United Service Club of Kolkata - European club once a center of social injustice

United Service Club building Kolkata  puronokolkata.com

One of the oldest clubs in this region - the United Services Club. was  formerly  called  the Bengal Military Club. Housed in a well-designed  classical building, the membership was initially  very much restricted and those  who were qualified ICS or in the military service of the English company were eligible members.  In many places the clubs were the centers of class distinction social injustice, This was applicable to Europeans too based on their professional credentials and was limited to higher officials with the government or military. Social clubs were the recreational hangout for the status conscious British officials. obviously none of them admitted Indian natives, be they rich or well educated. Racial disparity was vey much there in almost in all clubs run by the Europeans. 

United Service Club building Kolkata dolphin.blogspot.com/

United Service Club building Kolkata dolphin.blogspot.com/

With change of time and change of leadership in the government, exclusivity with respect to membership was relegated to the back seat. Now the scenario in the club changed and  their portals were wide open for  members of other government services. Initially ICS officials and senior military officers were ruling the roost. In the colonial days the clubs over India were a symbol of colonial power, but they served as a fun place for the officials to relieve the tedium of official work,

Earlier the club was called  the Bengal Military Club with no fewer than 600 subscribers.; opened on August 7, 1845. On 15th March 1853, the club was renamed  he Bengal United Service Club.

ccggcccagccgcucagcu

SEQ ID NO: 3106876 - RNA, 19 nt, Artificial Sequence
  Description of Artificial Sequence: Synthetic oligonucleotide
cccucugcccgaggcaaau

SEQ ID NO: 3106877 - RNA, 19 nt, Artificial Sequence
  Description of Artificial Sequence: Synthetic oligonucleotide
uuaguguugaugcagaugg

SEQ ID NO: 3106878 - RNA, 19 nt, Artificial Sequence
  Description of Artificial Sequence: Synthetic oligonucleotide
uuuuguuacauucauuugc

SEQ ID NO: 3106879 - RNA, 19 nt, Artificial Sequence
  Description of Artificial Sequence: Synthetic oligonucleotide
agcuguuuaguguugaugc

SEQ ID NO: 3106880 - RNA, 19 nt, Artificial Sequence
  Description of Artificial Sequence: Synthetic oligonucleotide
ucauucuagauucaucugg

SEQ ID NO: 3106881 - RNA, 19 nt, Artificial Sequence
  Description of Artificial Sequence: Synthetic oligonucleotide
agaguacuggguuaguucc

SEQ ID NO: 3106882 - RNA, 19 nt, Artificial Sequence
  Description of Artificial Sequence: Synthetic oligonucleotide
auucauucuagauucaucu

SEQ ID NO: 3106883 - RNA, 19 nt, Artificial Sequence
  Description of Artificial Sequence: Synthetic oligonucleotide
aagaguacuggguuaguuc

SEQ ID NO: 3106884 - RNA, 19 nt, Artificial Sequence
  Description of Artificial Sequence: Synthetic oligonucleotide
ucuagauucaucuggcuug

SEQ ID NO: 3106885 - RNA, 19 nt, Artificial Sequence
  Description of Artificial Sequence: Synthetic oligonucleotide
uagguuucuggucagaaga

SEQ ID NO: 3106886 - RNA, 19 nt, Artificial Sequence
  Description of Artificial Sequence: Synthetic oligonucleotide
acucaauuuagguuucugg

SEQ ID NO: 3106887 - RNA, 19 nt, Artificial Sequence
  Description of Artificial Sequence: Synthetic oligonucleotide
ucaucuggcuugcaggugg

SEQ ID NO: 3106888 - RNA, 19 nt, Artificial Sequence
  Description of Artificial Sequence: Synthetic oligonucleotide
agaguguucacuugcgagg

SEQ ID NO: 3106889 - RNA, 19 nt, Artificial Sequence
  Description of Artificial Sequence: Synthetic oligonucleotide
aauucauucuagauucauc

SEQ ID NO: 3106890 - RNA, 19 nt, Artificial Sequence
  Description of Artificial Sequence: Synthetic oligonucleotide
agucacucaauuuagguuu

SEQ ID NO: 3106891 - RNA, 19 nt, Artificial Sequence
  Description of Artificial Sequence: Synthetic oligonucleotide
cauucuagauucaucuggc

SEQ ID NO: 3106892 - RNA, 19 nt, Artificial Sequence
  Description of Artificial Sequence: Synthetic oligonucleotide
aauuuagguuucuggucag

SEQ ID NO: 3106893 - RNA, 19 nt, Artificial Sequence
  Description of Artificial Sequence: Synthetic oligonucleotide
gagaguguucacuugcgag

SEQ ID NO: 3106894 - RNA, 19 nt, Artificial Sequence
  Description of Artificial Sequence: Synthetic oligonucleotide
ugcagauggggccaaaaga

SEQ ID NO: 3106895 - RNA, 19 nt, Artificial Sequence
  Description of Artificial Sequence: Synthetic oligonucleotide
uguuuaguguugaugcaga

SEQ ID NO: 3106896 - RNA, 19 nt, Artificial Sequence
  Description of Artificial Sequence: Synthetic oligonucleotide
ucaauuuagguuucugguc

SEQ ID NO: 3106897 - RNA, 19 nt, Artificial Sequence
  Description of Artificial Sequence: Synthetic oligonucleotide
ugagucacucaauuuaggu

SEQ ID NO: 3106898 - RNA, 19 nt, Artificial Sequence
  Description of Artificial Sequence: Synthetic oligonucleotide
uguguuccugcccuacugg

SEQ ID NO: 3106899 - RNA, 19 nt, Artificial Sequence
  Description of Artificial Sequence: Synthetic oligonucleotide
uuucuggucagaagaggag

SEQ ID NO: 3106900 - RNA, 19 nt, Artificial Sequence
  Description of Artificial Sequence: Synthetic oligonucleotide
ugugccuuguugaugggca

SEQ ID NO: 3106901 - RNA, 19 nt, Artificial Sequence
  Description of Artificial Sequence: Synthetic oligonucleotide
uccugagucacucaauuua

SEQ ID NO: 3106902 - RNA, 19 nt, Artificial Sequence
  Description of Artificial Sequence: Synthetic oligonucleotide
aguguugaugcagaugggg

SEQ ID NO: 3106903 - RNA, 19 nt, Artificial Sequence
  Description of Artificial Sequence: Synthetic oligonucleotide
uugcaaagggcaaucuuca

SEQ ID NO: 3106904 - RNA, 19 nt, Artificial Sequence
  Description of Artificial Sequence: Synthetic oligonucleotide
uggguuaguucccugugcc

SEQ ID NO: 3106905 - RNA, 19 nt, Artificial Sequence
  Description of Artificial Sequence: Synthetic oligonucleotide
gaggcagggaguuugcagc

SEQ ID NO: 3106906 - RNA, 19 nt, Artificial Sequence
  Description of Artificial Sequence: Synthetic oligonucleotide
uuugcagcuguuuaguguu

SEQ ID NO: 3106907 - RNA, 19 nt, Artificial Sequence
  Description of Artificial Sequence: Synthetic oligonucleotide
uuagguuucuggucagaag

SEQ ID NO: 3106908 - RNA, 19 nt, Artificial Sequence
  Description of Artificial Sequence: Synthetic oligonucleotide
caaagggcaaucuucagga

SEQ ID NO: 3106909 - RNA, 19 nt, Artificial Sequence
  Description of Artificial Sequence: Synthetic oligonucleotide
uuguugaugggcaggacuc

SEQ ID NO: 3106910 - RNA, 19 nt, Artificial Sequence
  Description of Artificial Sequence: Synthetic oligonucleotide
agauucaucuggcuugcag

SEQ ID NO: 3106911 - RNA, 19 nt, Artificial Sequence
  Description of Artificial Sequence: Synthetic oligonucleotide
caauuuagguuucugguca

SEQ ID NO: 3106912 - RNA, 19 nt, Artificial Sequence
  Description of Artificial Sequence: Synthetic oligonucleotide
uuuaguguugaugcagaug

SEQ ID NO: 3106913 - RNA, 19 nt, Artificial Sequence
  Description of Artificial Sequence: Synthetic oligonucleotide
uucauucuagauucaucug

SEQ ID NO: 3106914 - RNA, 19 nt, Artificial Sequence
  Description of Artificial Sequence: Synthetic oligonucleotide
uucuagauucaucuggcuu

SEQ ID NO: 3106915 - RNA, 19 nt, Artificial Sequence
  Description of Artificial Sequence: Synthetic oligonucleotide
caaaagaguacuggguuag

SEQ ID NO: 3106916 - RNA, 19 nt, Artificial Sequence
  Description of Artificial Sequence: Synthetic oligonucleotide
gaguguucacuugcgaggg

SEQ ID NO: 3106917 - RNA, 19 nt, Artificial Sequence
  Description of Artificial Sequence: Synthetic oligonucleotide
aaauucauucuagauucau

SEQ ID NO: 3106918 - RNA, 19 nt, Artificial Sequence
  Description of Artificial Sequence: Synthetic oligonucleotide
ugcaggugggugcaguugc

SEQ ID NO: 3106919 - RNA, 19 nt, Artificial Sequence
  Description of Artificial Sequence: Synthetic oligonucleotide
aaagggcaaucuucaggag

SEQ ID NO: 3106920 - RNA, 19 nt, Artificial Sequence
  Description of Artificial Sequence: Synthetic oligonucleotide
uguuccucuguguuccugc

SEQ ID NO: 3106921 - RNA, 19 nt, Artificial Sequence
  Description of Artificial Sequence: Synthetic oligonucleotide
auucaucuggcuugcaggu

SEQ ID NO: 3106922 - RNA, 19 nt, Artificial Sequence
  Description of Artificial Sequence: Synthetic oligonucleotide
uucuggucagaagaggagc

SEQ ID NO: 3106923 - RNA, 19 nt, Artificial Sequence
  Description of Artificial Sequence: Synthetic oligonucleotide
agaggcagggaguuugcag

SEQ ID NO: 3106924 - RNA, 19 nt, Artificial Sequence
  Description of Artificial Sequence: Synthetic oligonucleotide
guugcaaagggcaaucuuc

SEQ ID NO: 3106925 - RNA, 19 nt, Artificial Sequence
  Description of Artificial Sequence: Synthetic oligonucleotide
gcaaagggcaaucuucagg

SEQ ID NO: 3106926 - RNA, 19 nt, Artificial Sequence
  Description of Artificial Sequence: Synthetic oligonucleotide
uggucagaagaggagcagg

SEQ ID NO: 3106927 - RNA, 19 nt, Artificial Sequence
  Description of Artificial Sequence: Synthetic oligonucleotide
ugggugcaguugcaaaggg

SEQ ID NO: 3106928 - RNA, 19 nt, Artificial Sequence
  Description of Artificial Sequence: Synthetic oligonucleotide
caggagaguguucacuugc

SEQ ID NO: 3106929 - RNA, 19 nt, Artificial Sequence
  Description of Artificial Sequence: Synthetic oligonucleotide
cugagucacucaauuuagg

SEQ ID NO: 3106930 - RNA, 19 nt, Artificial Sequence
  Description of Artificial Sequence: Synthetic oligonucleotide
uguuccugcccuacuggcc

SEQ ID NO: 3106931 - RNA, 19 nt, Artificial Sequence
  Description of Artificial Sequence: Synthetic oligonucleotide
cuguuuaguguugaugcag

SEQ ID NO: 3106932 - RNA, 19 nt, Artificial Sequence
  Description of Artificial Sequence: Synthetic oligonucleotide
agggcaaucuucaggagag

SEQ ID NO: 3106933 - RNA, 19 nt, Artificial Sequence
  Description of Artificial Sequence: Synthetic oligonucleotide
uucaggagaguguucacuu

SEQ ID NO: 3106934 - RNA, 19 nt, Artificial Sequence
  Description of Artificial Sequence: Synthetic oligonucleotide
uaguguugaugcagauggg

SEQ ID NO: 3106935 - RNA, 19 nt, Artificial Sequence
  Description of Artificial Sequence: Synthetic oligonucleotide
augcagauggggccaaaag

The club house, a simple one with brick-lime masonry work was on the  Chowringhee  road (now Jawaharlal Road). the club is no more and here the Geological survey office is functioning and it is one the largest GSI offices in India. 

United Service Club building Kolkata

The United Service Club building shaped like a Maltese cross as former member Jim Pearson  used to describe it. The contractor of the building was the famous Calcutta (Kolkata) firm Mackintosh Burn & Co. in 1905. The the cruciform shape, and the angled layout made the building airy and comfortable. The notable features are Corinthian columns with triangular pediments,  rusticated ground floor, Venetian arches on the first floor window.

When the new Bengal Club building was coming up in 1908, the United Service Club allowed Bengal Club members to use their facilities. For the first time in history USC  members were magnanimous and allowed boxwallah - those Europeans who were rich traders. Consistently USC allowed govt. officials  and there was no room for  European traders or other categories.   

After independence the USC had difficulty in running it and, at last, the building was sold to GSI - Geological survey of india.